Biological roles of GBP-ligand interaction

CD22 is a co-receptor of the membrane IgM B cell receptor (BCR), and regulates BCR signaling via immunoreceptor tyrosine inhibitory motifs (ITIMs) in its cytoplasmic domain.[14][1][15][16] CD22 is predominately localized in clathrin-coated pits on the surface of the cell, where it mediates constitutive recycling to endocytic compartments.[17][18][19] Following ligation of the BCR with antigen, phosphokinases phosphorylate the BCR complex, which in turn amplifies a signal to activate the cell to proliferate and produce antibody. As one of the co-receptors of the BCR, CD22 recruits cofactors that modulate the degree of BCR phosphorylation and downstream signaling. In particular, CD22 recruits the phsophatase SHP-1 that dephosphorylates the BCR complex and suppresses cell signaling. Thus, CD22 is often considered to be a negative regulator of BCR signaling.

The roles of ligands in BCR signaling have been extensively investigated. [14][1][15][17][7][11][20] Siglecs in general, and CD22 in particular, are known to interact with sialylated ligands on the same cell, “in cis”, and on opposing cells, “in trans”. Although many B cell glycoproteins carry the ligand of CD22, the predominant cis ligands appear to be CD22 itself. [21] This is due in part to the fact that CD22 is preferentially concentrated in clathrin coated pits. Although there is agreement that cis ligand influence CD22 function as a regulator of BCR signaling, there is yet no consensus on the relevance of cis ligands to the constitutive regulation of the BCR. [14][15][17][7][11]

Despite the presence of cis ligands, CD22 can interact with trans ligands on opposing cells, and redistribute to the site of cell contact.[22] This property is has been implicated in recirculation of B cells in the bone marrow,[23] and is believed to be relevant to innate recognition of self. [24] [25] Indeed, Lanoue et al. demonstrated that B cell signaling is suppressed if the antigen is expressed on a cell that contains ligands of CD22. [24] Several groups have demonstrated that co-presentation of an antigen and CD22 ligands results in suppressed activation of a B cell.(14-16) [24][25][26] In fact, immunization of a mouse with a polymer containing both a T-independent antigen and a high affinity CD22 ligand induces activation and apoptosis of B cells recognizing the antigen, resulting in tolerization of the mouse to subsequent challenge with the antigen.[25] The results suggest that trans ligands of CD22 and other B cell siglecs may serve as markers of self, and that CD22 participates in a mechanism of peripheral tolerance to self-antigens.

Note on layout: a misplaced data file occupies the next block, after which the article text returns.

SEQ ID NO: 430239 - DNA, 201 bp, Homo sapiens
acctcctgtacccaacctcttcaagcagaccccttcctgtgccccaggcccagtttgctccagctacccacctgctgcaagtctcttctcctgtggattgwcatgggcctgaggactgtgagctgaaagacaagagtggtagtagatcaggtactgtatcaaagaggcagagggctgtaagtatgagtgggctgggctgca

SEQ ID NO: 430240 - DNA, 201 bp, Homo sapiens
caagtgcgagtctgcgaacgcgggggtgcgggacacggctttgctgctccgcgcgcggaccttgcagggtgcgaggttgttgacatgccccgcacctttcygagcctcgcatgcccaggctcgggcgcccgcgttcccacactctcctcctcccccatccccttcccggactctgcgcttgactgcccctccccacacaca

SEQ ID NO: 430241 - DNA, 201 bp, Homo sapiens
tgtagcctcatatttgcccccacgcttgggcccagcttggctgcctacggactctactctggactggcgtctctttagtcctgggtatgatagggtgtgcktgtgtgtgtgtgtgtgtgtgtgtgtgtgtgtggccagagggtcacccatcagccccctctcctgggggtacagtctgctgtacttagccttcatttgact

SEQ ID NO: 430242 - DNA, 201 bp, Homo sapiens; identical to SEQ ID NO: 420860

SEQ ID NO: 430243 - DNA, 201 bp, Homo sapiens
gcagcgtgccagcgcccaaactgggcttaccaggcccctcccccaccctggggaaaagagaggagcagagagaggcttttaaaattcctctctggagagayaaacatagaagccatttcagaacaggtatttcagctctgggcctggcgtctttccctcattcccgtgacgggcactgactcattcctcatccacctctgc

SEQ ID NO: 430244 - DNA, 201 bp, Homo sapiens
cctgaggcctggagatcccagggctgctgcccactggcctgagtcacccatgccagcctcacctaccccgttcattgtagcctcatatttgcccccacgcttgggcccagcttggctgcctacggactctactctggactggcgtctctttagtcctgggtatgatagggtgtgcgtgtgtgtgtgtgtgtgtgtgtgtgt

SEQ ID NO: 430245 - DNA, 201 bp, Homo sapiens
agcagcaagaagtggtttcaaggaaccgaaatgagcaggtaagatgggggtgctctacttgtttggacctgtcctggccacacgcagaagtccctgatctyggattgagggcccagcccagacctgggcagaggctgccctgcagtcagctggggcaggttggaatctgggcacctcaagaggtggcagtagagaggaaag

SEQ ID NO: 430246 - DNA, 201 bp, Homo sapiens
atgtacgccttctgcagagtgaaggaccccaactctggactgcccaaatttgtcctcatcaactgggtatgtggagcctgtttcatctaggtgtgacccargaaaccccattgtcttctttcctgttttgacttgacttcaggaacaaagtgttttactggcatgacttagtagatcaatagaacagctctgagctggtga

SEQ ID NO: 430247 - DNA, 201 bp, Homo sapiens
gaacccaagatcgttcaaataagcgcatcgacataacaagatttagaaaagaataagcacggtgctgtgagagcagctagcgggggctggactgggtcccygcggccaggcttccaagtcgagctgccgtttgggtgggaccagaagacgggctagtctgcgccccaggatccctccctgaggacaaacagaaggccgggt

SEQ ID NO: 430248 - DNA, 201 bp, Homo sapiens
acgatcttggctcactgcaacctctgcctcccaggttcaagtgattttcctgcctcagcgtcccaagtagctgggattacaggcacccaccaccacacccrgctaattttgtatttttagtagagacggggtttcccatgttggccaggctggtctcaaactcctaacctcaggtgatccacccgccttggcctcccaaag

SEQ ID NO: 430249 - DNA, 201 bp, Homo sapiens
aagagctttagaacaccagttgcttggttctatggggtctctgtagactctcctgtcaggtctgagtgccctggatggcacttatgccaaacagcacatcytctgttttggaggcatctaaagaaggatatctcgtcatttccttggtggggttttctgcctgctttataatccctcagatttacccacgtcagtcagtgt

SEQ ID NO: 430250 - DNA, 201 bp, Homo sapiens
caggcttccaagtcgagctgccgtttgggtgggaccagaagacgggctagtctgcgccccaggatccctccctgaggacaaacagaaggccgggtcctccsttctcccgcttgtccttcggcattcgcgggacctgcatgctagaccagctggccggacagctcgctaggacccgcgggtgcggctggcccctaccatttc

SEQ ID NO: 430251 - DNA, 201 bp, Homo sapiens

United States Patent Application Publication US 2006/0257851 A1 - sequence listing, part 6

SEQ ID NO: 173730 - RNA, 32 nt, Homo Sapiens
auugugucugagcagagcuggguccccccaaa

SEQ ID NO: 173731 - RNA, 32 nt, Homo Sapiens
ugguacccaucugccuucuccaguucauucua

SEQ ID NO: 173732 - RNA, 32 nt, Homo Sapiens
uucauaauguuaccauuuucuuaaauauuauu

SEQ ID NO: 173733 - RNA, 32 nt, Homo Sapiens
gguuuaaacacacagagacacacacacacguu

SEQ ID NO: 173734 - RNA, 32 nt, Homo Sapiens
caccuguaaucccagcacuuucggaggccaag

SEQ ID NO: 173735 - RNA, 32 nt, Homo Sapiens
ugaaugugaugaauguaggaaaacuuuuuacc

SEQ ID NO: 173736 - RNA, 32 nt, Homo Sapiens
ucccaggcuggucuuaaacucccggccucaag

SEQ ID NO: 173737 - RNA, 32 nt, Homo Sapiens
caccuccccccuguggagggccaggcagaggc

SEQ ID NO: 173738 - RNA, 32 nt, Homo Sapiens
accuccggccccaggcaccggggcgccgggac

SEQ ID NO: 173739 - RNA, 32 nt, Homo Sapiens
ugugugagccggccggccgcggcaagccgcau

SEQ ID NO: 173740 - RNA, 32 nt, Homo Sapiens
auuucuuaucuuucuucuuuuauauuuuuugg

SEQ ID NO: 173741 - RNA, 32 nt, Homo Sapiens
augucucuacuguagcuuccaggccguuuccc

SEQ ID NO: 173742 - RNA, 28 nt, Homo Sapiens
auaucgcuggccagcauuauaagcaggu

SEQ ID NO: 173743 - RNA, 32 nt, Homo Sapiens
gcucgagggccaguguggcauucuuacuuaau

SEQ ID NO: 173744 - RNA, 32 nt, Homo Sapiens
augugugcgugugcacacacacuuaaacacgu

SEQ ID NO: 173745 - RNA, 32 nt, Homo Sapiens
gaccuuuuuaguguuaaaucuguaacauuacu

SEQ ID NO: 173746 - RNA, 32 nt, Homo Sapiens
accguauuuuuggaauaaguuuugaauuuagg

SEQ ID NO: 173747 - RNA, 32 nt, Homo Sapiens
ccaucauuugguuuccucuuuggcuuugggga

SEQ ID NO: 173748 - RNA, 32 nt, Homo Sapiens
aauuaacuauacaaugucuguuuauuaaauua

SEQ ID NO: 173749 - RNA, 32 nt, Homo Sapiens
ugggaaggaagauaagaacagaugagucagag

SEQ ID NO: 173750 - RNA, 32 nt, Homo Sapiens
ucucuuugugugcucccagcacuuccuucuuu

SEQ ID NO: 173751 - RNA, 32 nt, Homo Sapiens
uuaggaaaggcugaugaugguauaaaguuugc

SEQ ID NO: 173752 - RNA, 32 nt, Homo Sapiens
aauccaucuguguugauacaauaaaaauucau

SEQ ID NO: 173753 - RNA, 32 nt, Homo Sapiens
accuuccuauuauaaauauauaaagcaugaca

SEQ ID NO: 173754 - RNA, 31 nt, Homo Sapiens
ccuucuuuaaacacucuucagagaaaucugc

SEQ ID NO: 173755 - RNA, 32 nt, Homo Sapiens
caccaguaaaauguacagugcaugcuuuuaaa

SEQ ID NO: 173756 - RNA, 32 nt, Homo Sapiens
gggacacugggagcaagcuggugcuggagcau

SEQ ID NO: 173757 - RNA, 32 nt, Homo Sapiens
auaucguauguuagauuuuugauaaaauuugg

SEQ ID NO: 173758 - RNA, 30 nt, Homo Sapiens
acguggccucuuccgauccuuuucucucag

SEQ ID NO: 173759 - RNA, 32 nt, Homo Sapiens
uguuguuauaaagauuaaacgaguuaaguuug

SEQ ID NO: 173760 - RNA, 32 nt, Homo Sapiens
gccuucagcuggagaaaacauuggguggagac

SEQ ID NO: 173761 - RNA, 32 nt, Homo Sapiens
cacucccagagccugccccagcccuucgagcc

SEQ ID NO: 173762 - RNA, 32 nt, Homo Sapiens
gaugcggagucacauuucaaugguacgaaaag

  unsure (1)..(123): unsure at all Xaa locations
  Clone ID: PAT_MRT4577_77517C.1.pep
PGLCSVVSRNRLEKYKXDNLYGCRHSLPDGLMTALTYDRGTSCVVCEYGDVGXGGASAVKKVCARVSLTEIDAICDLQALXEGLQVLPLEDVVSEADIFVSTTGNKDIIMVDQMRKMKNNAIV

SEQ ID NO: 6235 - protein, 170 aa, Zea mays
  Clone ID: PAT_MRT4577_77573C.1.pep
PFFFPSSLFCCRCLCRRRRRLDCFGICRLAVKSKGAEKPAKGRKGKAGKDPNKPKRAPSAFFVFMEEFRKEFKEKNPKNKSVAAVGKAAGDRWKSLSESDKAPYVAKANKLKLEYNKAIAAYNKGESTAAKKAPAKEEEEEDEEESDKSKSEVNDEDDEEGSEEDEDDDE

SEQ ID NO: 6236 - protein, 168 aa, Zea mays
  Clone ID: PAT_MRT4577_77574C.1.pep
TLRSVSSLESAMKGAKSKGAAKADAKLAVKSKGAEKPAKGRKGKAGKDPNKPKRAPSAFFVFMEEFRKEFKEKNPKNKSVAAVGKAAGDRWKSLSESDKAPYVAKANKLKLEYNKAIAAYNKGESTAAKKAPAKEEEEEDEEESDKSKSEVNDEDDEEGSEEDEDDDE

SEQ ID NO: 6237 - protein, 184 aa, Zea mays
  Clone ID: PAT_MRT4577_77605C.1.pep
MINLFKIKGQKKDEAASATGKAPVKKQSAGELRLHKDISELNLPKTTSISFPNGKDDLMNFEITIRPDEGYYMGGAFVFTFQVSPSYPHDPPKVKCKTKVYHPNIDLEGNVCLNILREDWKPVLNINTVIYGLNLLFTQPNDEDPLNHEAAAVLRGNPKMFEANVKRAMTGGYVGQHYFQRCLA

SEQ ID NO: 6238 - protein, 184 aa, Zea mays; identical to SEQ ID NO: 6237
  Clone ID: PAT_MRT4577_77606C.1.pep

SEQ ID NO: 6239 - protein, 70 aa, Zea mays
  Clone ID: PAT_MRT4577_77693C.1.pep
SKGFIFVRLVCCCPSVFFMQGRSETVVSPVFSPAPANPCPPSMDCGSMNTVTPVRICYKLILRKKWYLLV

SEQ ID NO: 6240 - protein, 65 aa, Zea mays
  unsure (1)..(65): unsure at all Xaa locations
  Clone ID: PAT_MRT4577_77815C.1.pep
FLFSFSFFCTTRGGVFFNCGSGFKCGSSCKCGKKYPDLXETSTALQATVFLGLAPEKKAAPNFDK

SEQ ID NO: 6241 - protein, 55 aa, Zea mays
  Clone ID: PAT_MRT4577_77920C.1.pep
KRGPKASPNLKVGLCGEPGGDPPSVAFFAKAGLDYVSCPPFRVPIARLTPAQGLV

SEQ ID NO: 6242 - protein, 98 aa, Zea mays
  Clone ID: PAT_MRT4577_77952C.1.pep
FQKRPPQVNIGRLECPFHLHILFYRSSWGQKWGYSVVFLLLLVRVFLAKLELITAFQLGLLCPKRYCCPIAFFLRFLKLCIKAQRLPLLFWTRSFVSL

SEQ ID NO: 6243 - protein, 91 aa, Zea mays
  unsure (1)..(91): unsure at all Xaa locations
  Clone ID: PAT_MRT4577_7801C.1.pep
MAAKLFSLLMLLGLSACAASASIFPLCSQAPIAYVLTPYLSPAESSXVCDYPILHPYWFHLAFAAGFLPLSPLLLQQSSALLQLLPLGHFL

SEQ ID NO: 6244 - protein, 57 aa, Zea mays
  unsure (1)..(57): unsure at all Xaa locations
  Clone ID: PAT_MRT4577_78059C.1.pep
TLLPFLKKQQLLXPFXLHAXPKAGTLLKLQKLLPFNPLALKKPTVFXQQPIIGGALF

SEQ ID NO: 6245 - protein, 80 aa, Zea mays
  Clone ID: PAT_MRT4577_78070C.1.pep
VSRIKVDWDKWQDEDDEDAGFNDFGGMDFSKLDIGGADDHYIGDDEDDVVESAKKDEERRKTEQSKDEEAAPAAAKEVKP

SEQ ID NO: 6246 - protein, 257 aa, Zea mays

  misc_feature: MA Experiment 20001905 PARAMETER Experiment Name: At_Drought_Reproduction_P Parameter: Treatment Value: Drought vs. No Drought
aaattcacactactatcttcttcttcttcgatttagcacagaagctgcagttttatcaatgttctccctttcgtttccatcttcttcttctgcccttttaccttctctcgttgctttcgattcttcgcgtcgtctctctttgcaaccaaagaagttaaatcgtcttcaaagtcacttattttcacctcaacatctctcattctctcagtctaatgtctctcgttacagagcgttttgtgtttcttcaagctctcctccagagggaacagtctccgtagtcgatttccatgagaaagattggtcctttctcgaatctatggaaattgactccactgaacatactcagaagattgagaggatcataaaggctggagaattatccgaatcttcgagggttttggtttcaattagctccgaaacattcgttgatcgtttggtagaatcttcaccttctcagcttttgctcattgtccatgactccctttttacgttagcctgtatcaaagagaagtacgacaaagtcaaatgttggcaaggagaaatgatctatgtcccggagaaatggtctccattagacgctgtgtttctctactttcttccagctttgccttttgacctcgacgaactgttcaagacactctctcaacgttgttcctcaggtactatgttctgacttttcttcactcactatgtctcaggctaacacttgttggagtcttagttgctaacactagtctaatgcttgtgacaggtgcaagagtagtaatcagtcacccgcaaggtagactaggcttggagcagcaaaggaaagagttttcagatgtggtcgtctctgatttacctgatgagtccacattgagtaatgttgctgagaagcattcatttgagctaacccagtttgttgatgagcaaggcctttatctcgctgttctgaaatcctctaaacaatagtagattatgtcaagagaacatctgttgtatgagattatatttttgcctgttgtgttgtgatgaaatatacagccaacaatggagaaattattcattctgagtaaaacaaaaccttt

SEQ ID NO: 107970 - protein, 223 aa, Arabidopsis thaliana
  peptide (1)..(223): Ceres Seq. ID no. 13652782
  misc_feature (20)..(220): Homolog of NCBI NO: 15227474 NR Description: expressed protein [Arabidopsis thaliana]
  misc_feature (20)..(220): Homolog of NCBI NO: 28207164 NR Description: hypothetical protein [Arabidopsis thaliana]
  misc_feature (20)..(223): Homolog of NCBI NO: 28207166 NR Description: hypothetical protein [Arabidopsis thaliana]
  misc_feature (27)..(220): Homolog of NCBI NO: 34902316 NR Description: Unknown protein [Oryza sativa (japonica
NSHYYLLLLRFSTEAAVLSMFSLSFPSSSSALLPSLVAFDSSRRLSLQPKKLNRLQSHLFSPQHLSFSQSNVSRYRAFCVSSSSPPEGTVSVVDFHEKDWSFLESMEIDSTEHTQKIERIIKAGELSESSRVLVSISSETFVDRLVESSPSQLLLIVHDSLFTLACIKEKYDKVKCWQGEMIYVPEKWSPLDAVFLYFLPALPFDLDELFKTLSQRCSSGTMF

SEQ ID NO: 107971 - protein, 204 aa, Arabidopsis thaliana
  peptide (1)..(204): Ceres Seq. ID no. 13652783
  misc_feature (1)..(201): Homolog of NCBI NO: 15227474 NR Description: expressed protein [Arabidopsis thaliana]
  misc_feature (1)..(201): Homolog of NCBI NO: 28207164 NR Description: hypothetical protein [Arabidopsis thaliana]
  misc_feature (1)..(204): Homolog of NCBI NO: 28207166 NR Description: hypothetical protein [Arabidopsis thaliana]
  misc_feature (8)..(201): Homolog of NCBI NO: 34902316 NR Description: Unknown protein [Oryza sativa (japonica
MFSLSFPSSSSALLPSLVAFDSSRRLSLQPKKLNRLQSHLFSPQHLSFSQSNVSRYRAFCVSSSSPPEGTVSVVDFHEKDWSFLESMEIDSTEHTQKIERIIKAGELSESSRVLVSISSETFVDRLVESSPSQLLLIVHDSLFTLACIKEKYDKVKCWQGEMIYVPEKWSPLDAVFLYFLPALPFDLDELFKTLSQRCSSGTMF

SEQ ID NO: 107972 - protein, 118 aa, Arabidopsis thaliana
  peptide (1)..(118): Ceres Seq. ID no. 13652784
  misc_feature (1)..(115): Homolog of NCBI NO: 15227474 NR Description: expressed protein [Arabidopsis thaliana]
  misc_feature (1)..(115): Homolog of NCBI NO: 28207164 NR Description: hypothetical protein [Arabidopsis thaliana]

CFG resources used in investigations

The best examples of CFG contributions to this paradigm are described below, with links to specific data sets. For a complete list of CFG data and resources relating to this paradigm, see the CFG database search results for CD22.

Glycan profiling

Both murine and human CD22 recognize the sequence Siaα2-6Galβ1-4GlcNAc expressed abundantly on B cells, which have been subjected to glycan profiling by the CFG.

Glycogene microarray

The CFG glycogene microarray has been used to show that ST6Gal I is downregulated 'on T cells upon activation suggesting that B cell trans ligands are reduced on activated T cells. Probes for mouse and human CD22 have been included on all four versions of the CFG glycogene array.

Knockout mouse lines

Mice deficient in CD22 and the sialyltransferase, ST6Gal I, responsible for synthesis of its ligands (ST6Gal I) distributed by the CFG have been instrumental in understanding the biology of CD22.

Glycan array

The CFG's glycan array was instrumental in identification of the high affinity ligands of CD22 as sialylated-sulfated glycans.[2][3]


Related GBPs

This paradigm is unique among the siglecs in that the cytoplasmic domain has six conserved tyrosine motifs, including three immunoreceptor tyrosine inhibitory motifs (ITIM), one ITIM-like motif, and a growth factor receptor bound protein2 (GRB2) motif. However, other members of the homologous siglec family have contributed to an understanding of the glycan binding site of CD22, and general principles governing the interaction of CD22 with cis and trans ligands.

References

  1. 1.0 1.1 1.2 1.3 1.4 1.5 1.6 Crocker PR, Paulson JC, Varki A. Siglecs and their roles in the immune system. Nat Rev Immunol 2007 Apr;7(4):255-66. Review.
  2. 2.0 2.1 2.2 2.3 2.4 Kimura N, Ohmori K, Miyazaki K, Izawa M, Matsuzaki Y, Yasuda Y, Takematsu H, Kozutsumi Y, Moriyama A, Kannagi R. Human B-lymphocytes express alpha2-6-sialylated 6-sulfo-N-acetyllactosamine serving as a preferred ligand for CD22/Siglec-2. J Biol Chem. 2007 Nov 2;282(44):32200-7.
  3. 3.0 3.1 3.2 Blixt O, Head S, Mondala T, Scanlan C, Huflejt ME, Alvarez R, Bryan MC, Fazio F, Calarese D, Stevens J, Razi N, Stevens DJ, Skehel JJ, van Die I, Burton DR, Wilson IA, Cummings R, Bovin N, Wong CH, Paulson JC. Printed covalent glycan array for ligand profiling of diverse glycan binding proteins. Proc Natl Acad Sci U S A. 2004 Dec 7;101(49):17033-8.